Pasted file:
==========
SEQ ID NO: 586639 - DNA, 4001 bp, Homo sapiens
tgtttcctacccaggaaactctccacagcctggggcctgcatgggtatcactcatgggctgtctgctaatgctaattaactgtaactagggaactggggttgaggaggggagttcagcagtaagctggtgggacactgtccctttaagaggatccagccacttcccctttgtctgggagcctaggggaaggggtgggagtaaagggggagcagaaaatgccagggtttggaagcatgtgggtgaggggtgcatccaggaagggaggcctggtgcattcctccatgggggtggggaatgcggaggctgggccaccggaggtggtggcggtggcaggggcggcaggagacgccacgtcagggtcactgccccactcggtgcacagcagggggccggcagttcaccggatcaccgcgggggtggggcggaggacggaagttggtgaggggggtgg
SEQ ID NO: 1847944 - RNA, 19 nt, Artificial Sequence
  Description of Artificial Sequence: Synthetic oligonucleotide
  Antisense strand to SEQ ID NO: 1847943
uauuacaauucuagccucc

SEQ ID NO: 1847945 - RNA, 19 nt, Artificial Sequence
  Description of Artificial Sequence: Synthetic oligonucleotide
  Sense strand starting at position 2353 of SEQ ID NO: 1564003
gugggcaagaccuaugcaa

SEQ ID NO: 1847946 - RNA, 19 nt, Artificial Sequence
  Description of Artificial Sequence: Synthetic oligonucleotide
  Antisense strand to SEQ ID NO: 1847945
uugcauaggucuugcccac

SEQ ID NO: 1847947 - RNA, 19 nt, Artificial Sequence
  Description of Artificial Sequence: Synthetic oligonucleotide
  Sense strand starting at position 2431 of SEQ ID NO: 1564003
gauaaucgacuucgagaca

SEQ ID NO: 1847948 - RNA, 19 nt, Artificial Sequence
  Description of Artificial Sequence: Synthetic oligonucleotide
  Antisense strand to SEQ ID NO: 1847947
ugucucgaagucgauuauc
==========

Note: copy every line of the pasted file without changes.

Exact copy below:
SEQ ID NO: 586639 - DNA, 4001 bp, Homo sapiens
tgtttcctacccaggaaactctccacagcctggggcctgcatgggtatcactcatgggctgtctgctaatgctaattaactgtaactagggaactggggttgaggaggggagttcagcagtaagctggtgggacactgtccctttaagaggatccagccacttcccctttgtctgggagcctaggggaaggggtgggagtaaagggggagcagaaaatgccagggtttggaagcatgtgggtgaggggtgcatccaggaagggaggcctggtgcattcctccatgggggtggggaatgcggaggctgggccaccggaggtggtggcggtggcaggggcggcaggagacgccacgtcagggtcactgccccactcggtgcacagcagggggccggcagttcaccggatcaccgcgggggtggggcggaggacggaagttggtgaggggggtgg
SEQ ID NO: 1847944 - RNA, 19 nt, Artificial Sequence
  Description of Artificial Sequence: Synthetic oligonucleotide
  Antisense strand to SEQ ID NO: 1847943
uauuacaauucuagccucc

SEQ ID NO: 1847945 - RNA, 19 nt, Artificial Sequence
  Description of Artificial Sequence: Synthetic oligonucleotide
  Sense strand starting at position 2353 of SEQ ID NO: 1564003
gugggcaagaccuaugcaa

SEQ ID NO: 1847946 - RNA, 19 nt, Artificial Sequence
  Description of Artificial Sequence: Synthetic oligonucleotide
  Antisense strand to SEQ ID NO: 1847945
uugcauaggucuugcccac

SEQ ID NO: 1847947 - RNA, 19 nt, Artificial Sequence
  Description of Artificial Sequence: Synthetic oligonucleotide
  Sense strand starting at position 2431 of SEQ ID NO: 1564003
gauaaucgacuucgagaca

SEQ ID NO: 1847948 - RNA, 19 nt, Artificial Sequence
  Description of Artificial Sequence: Synthetic oligonucleotide
  Antisense strand to SEQ ID NO: 1847947
ugucucgaagucgauuauc